Contracts worth millions awarded to firms when former Ang Mo Kio Town Council GM was allegedly bribed

Wong Chee Meng, 58, stands accused of taking bribes from two company directors in exchange for advancing the business interests of their companies with the Ang Mo Kio Town Council. ST PHOTO: JONATHAN CHOO

SINGAPORE - In the period that former Ang Mo Kio Town Council general manager Wong Chee Meng allegedly took bribes from two company directors, town council tenders and contracts worth millions of dollars were awarded to their firms.

On the first day of Wong's trial on Tuesday (Sept 25), court documents revealed that these agreements included that of repair and redecoration works on Housing Board blocks, as well as the construction of community gardens.

Wong, who is 58 and also known as Victor Wong, had in April pleaded not guilty to taking the bribes totalling over $107,000. His trial begins on Tuesday.

He faces 55 counts of corruptly accepting gratification from Chia Sin Lan, director of companies 19-ANC Enterprise and 19-NS2 Enterprise, and Ms Yip Fong Yin, director of 19-NS2.

Wong is represented by Mr Tang Shangwei and Ms Melanie Ho of WongPartnership.

Deputy Public Prosecutor Alan Loh told the court on Tuesday: "As the general manager of AMKTC, (Wong) had the power and ability to influence the award of AMKTC projects. (He) was expected to act with absolute probity, particularly because his job involved the administration of public funds."

Mr Loh added, however, that instead of exercising his role impartially without favour, Wong "fell far short of the high standards of integrity demanded of his office and allowed himself to be cultivated by (Chia) and had become beholden to him, 19-ANC, and 19-NS2".

The lion's share of gratification which amounted to almost $53,000, said the prosecution, was in the form of entertainment expenses Wong and Chia incurred at KTV lounges and massage parlours, which they frequented often at night.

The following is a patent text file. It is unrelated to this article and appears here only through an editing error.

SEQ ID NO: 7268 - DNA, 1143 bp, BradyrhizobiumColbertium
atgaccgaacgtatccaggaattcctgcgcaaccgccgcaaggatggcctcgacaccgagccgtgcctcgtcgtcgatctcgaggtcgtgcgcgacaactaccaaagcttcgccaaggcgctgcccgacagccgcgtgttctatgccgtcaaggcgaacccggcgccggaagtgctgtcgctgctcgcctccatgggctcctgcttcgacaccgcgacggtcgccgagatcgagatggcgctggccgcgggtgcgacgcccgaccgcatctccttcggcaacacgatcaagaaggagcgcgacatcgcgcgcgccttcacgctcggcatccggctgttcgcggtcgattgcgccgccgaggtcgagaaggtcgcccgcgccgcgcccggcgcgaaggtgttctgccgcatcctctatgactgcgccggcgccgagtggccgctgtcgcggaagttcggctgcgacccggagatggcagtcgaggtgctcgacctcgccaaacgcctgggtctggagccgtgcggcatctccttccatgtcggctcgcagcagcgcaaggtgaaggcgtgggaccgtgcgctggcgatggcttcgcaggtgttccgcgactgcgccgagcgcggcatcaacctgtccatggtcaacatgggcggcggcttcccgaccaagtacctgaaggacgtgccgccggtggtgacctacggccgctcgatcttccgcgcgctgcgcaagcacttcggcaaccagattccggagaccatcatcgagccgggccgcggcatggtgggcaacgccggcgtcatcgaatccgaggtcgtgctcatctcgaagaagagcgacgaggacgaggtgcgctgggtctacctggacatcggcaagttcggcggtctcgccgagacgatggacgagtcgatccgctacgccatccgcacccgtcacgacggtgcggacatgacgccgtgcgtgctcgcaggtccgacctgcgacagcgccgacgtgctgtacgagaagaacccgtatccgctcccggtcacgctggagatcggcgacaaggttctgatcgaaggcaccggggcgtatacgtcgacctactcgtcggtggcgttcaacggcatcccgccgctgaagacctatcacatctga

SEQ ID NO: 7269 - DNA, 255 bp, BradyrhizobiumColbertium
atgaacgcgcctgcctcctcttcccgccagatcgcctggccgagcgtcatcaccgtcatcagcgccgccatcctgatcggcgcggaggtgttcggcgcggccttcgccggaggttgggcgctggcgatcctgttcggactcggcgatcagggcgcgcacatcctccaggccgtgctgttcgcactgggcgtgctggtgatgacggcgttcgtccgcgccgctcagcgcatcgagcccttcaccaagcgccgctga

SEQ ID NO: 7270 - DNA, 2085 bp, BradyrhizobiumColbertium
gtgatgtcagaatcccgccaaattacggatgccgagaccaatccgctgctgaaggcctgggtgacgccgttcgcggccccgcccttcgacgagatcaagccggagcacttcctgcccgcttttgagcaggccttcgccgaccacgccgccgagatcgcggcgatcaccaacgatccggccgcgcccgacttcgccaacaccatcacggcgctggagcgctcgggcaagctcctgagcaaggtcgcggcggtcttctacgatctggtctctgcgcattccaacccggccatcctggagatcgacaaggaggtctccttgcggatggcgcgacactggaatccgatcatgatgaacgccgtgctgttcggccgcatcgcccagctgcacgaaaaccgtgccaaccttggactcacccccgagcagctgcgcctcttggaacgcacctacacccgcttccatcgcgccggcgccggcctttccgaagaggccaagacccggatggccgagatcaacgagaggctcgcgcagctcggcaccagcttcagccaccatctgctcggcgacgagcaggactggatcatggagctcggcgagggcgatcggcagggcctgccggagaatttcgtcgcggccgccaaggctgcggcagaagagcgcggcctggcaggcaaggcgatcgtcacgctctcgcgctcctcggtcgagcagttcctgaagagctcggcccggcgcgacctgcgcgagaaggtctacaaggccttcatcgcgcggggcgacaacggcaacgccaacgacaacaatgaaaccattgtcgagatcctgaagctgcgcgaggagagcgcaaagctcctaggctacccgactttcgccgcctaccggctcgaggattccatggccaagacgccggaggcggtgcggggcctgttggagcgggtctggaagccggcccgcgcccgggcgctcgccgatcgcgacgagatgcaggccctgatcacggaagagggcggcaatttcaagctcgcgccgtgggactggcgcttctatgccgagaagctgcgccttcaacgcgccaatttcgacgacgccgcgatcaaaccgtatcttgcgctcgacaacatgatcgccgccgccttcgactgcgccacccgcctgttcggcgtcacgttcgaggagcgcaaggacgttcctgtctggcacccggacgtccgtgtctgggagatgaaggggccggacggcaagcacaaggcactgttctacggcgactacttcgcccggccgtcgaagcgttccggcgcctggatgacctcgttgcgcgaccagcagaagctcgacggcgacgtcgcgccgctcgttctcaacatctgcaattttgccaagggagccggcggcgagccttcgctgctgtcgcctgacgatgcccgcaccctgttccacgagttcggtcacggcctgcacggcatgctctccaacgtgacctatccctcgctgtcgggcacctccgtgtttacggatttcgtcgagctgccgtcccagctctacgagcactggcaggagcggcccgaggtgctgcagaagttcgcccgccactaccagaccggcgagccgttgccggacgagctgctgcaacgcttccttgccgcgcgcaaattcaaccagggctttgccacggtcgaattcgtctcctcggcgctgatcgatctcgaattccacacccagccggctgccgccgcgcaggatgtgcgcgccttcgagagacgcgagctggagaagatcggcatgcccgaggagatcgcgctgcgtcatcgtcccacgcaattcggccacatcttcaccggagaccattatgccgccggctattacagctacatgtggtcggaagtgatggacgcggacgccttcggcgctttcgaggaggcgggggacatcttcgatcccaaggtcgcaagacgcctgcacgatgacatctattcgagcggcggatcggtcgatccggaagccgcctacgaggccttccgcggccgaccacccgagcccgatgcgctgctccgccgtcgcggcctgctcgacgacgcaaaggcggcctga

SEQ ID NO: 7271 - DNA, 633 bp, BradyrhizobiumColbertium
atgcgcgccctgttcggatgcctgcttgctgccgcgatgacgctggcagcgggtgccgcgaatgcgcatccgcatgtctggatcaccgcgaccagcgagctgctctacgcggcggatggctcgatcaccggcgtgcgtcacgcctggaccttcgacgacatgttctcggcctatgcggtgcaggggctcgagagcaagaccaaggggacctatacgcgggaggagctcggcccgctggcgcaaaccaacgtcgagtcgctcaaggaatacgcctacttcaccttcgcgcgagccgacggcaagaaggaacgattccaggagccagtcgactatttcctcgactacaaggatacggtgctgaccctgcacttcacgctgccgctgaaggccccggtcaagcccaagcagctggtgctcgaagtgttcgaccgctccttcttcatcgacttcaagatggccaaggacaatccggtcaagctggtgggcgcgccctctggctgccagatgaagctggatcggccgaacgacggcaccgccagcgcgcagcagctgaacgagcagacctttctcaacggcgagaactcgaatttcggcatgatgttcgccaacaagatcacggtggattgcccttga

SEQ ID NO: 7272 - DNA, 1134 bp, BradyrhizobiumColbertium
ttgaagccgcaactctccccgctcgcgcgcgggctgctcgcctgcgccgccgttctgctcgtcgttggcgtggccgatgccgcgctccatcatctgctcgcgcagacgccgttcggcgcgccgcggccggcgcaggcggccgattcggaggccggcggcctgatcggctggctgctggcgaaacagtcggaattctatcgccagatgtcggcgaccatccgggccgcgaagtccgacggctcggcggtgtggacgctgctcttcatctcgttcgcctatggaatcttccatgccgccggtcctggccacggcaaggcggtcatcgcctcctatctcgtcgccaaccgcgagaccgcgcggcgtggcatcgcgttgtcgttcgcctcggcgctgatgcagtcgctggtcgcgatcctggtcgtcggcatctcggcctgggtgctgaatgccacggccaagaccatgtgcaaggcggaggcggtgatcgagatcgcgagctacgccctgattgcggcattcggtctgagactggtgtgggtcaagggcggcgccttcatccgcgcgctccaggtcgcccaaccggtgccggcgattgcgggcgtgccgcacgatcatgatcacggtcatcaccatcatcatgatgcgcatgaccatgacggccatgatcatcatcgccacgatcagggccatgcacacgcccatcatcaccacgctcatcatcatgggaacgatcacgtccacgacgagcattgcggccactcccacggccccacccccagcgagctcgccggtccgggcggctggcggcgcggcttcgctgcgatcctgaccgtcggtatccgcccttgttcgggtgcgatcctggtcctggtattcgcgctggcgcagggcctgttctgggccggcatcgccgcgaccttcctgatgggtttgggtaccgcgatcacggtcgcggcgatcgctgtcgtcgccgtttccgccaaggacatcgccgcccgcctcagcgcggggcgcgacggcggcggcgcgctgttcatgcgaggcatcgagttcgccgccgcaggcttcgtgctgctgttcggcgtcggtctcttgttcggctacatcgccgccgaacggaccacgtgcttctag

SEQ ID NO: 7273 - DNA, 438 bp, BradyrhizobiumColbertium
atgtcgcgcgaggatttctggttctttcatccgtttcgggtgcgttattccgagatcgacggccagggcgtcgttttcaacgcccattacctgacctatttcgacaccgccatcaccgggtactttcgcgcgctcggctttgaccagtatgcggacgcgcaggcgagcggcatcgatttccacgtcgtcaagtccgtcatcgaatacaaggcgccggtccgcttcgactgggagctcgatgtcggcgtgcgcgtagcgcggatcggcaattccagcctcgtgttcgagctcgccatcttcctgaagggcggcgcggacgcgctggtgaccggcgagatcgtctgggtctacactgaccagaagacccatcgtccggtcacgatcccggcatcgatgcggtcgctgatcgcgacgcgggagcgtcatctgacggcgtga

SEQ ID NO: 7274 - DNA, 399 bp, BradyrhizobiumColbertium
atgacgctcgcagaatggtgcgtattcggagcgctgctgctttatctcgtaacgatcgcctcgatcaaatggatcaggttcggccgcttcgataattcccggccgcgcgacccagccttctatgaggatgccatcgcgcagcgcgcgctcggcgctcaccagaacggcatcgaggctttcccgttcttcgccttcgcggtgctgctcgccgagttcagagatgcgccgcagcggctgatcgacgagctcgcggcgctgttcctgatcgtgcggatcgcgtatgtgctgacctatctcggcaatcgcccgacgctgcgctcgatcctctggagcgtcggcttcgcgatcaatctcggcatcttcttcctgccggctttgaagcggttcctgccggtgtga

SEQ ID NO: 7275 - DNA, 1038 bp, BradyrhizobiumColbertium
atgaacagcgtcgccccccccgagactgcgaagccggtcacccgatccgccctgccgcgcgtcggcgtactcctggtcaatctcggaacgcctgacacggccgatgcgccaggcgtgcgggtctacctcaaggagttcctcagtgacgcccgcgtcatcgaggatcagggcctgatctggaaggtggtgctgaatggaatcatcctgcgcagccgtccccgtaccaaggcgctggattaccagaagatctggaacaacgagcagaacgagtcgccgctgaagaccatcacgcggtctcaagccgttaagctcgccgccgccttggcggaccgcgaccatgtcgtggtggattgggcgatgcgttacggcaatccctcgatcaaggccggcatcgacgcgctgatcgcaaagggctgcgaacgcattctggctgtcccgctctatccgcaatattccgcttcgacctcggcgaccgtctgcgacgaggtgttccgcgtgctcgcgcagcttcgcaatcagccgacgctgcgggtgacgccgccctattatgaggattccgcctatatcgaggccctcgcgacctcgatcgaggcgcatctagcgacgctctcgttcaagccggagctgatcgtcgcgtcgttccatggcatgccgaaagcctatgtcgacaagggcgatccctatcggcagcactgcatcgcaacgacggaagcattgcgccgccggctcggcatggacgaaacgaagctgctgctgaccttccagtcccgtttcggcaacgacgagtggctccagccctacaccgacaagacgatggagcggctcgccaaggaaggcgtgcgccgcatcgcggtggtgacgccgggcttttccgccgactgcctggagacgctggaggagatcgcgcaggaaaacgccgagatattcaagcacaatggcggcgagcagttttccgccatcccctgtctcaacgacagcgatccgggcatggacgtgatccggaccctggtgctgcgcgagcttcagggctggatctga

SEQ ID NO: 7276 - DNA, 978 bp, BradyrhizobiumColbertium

According to the Building and Construction Authority's directory, both businesses are licensed builders and registered to carry out repair and redecoration works.

The bribes, amounting to more than $107,000, were allegedly taken between December 2014 and September 2016. According to court documents, they include:

• Remittances to Wong's mistress in China worth $30,600;

• Restaurant bills worth $5,000;

• A $13,500 discount on a Toyota Corolla Altis that Wong bought;

• A spa treatment in Geylang that cost around $1,070;

• Stays at budget hotels Fragrance Hotel and Hotel 81, which cost about $35 and $30 respectively;

• Entertainment expenses of more than $40,000 at various KTV lounges and nightclubs;

• A job for Wong's daughter-in-law Le Thi Hien at the firm 4-Ever Engineering. Chia's company 19-ANC Enterprise paid $8,247.67 towards her salary between March and August 2016;

• Charges amounting to $2,527.76 for Wong's use of an M1 mobile phone line.

Chia, 63, is accused of 54 counts of giving bribes to Wong. He also faces one count of abetment for allegedly conspiring with Ms Yip to bribe Wong by making arrangements for Wong to receive the $13,500 car purchase discount, and is represented by Mr Michael Loh of Clifford Law.

Chia's two companies face one charge each of corruption for conspiring to bribe Wong to advance their business interests with the town council.

On Tuesday, a Corrupt Practices Investigation Bureau officer who took the stand read out statements given by Wong during investigations.

Wong had said he was aware that 19-ANC was trying to build good relations with him. He added that the discount on his car purchase from Ms Yip - supposedly for the high mileage it clocked - should have been only about $1,000 and not more than $10,000 that was given.

"I wish to say that it was bad judgment on my part," he told the officer.

He also said he should not have let Chia and his associate pay when they went out drinking together, that he had not gone for such sessions with other contractors. Wong said he had gone out with Chia as he was troubled due to problems in his marriage.

Wong, the most senior executive in the town council, was removed from duty after it received a complaint about him in September 2016 over the way he handled contracts and dealings in the town council.

He was later investigated by the Corrupt Practices Investigation Bureau and was charged in March.

The town council appointed a new general manager, Mr Ang Boon Peng, in April 2017 - about five months after Wong was removed.

The trial this week is expected to take place over three days. If convicted, Wong and Chia could be fined up to $100,000 and jailed for a maximum of seven years on each charge. The companies could each face a fine of up to $100,000 under the Prevention of Corruption Act.

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